• Tesla's standard inverters can't scale to your needs. They fall short by a factor of almost 20000. You'll need to find out what kind of inverters can be scaled up in order to achieve what you need.
  • Assuming Tesla's inverters could be scaled up, you'd need 56,000 of them.
  • You'd also need 56,000 of their PowerPack storage modules.
  • If everything were stacked side-by-side, with no hallways or room for getting in there and repairing or replacing anything or for dissipation of heat, you'd need almost 300,000 cubic meters of volume to store them. If you avoid stacking them, that's 34 acres -- jammed tight. Clearly, you'd need a LOT more than 34 acres.
  • None of this deals with the requirements for distribution and support for that distribution from the inverters. Nor does it deal with building space for personnel, their support (food, airconditioning, workspaces, etc.), the storage needed for equipment and parts, shipping docks, roads, etc.

And like I said, you need to isolate these units from each other. You would NOT want the explosive failure of a unit or two to cascade into failures of nearby units.

There are lots of other details. I assumed 100% efficiency above. Tesla claims 89%. Assuming Tesla takes into account all of the final system's losses (which I'm sure their figures don't), you'd need 63000 pairs of modules and not 56000. (I'd say you should tentatively plan on 75000, until you can refine the figure down more precisely.) You also need to work out how to shift loads onto and off of the grid and how to deal with replacing failed distribution components while they are operating. Things fail under heavy load and when they fail, if you must maintain continuous operation, you need to be able to move that load onto another unit (without risking its destruction, too) and isolate the unit you need to replace and bring back on line. In the meantime, the temporarily "overloaded" unit may heat up beyond its specifications. Or if it doesn't, it will certainly age faster than before. So you need to keep track of the rate of aging of all of these components so you can anticipate and avoid, rather than respond to disasters.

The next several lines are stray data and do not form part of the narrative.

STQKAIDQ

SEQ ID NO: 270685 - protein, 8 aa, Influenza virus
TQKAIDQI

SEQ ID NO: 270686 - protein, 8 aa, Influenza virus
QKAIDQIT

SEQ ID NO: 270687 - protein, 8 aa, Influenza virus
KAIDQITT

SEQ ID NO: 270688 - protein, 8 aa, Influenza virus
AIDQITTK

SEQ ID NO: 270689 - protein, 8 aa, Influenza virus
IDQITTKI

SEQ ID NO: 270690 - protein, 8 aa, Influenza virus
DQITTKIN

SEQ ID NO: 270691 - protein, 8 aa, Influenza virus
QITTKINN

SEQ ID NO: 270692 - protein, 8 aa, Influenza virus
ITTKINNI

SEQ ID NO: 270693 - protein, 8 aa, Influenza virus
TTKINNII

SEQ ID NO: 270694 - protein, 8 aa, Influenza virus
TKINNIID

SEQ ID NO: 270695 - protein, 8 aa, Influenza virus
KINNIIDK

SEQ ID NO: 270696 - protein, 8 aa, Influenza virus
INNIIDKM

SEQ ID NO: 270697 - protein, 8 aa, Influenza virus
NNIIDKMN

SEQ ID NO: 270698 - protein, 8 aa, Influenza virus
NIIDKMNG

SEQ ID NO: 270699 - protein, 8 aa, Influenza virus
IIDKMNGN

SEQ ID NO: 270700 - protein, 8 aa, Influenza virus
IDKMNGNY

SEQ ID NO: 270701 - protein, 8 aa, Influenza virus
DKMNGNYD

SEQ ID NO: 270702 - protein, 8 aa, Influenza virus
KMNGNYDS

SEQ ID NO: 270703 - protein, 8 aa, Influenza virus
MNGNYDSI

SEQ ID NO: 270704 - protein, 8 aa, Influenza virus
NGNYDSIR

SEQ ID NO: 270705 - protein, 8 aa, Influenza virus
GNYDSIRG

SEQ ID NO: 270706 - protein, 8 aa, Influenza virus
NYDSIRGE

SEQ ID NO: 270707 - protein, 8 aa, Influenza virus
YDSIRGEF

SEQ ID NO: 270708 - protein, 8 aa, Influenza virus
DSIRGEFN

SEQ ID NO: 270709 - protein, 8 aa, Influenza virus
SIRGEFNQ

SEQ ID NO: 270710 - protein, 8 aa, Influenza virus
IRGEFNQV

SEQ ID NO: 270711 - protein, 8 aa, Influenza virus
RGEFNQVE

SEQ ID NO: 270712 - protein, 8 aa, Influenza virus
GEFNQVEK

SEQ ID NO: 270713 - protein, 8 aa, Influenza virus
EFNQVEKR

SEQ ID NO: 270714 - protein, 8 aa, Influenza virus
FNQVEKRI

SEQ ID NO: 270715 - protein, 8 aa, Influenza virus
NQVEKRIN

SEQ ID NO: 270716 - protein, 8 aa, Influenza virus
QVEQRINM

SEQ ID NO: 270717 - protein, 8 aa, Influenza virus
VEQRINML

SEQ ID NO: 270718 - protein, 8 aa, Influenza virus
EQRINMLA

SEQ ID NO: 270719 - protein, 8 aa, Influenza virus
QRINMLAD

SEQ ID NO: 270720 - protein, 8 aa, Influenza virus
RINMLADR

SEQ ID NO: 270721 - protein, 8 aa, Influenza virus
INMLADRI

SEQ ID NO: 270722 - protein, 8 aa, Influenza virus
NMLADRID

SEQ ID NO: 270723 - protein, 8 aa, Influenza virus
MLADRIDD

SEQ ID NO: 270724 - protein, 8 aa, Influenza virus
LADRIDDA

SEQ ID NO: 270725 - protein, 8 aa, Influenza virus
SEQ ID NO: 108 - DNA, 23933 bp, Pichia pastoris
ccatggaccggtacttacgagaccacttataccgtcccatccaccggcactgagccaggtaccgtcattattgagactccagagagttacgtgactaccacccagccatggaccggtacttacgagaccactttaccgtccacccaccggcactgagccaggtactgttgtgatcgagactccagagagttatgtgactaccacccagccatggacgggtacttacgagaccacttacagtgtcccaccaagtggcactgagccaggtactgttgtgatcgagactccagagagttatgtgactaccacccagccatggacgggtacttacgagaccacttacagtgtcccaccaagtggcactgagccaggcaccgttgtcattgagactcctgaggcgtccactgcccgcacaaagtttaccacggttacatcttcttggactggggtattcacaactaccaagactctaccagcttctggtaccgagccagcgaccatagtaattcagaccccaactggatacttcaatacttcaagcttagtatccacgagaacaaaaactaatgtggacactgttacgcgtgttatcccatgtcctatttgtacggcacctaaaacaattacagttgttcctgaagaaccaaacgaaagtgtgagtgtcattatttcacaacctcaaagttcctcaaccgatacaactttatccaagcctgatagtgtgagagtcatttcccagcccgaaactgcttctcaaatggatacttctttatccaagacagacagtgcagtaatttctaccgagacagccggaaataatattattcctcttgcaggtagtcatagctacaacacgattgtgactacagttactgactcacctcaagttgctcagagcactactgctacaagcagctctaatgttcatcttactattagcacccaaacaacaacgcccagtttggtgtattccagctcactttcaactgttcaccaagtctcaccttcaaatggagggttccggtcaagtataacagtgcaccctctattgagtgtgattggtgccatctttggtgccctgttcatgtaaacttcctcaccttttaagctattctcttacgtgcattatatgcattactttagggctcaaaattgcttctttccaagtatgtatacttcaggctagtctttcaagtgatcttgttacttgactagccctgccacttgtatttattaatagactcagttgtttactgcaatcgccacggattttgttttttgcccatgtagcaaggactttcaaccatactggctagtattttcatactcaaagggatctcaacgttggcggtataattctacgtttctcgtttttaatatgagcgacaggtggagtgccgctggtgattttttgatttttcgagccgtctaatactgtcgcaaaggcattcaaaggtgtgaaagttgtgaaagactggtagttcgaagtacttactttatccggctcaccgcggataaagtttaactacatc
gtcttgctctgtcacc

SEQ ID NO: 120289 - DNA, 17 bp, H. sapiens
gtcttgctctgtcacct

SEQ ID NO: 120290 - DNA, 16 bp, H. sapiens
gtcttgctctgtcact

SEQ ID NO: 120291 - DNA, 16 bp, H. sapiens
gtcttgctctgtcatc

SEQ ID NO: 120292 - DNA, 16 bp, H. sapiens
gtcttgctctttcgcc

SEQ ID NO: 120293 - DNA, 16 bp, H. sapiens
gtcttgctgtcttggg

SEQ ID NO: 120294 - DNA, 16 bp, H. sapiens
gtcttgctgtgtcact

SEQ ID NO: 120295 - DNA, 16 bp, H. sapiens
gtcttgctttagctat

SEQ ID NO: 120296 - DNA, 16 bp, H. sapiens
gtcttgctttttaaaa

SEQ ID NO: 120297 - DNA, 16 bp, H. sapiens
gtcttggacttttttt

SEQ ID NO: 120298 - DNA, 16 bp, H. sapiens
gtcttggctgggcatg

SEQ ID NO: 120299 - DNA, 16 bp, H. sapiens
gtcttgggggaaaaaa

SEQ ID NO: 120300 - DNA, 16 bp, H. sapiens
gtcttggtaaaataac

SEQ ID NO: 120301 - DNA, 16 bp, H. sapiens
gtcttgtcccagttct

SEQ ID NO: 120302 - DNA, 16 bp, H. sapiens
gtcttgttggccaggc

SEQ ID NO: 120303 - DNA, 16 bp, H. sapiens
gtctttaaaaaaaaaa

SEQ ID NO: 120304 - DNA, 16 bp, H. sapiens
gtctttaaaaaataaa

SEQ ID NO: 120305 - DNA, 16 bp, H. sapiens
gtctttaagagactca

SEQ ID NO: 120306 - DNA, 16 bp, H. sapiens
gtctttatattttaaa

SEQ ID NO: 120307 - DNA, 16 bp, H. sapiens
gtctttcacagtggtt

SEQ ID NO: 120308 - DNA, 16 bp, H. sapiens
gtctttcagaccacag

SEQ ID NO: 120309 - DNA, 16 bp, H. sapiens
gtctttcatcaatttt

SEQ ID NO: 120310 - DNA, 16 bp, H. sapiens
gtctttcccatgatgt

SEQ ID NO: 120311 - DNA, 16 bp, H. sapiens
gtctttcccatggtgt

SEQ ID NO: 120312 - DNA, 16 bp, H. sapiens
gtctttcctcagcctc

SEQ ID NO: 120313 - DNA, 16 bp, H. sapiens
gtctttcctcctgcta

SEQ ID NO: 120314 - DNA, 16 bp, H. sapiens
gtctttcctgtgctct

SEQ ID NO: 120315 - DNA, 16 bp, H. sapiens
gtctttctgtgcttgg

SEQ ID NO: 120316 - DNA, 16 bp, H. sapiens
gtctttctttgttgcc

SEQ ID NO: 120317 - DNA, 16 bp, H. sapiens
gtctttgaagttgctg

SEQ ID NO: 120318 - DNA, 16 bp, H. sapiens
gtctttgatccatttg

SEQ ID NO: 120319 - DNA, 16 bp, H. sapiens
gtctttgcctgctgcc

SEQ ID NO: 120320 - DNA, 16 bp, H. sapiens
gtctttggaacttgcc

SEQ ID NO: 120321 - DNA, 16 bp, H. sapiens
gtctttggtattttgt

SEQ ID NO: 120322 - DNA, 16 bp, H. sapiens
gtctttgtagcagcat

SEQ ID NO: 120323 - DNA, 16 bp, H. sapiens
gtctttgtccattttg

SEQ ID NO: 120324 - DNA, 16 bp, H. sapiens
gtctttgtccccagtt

And I really have to wonder about a system that only gets used once in a while. If it only gets used during extreme cases of need, odds are that is also exactly when you will find out there are problems. So I'm pretty sure the system needs regular testing and use to maintain it's ability to function in a pinch.

I can only begin to see some of the fun, here. I hope you have a good team on hand.

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I'm looking right now at an 18650 battery, and it says on the side it has a capacity of 8.14Wh.

So assuming your question is actually about supplying 11,200MWh of electricity over a period of 4 hours, you would need 11,200,000,000/8.14=1,375,921,376 batteries.

Four batteries fit into a holder measuring 80mm x 75mm x 20mm, giving a volume of 0.00012m3, so the total volume of your facility in terms of batteries alone would be 1,375,921,376/4*0.00012=41,277m3.

The question now is how much extra space you need for the charging and protection circuitry, physical housing and support, cabling, heating, cooling, ventilation and physical access gangways. Let's go for a factor of 5, which might work if we don't make the building too high; that gives a total volume of 206,385m3.

If we make the building 10m high that means a floor area of just under 144m square. Clearly a lot of guesswork involved but it gives you an idea. It's big but it seems possible assuming there's enough lithium available in the world for the batteries and you can wait long enough for them to be manufactured.

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AES is building the largest today in SD area.

  • 120 MWh/30 MW – for San Diego Gas & Electric in Escondido, California.

The AES Energy Storage systems utilizes 400,000 lithium-ion cells supplied by Samsung SDI in 20,000 modules and 24 containers.

Scale up vertically requires safety inspection of battery containers and weight management, not to mention it would be safer under-ground from environmental threats on earthquake proof platforms.

In 2012 in Ontario, Canada, costs for nuclear generation stood at 5.9¢/kWh while hydroelectricity, at 4.3¢/kWh, cost 1.6¢ less than nuclear. By September 2015, the cost of solar in the US dropped below nuclear generation costs, averaging 5¢/kWh.

India has Solar slightly cheaper than coal at 4¢/kWh but no storage.

Nuclear power in Ontario with several GW stations is still profitable according to my Nuclear Eng friend in the biz at Pickering, inspite of being only 50% efficient and heating up Lake Ontario with a 10’C rise on cooling water return to the Lake.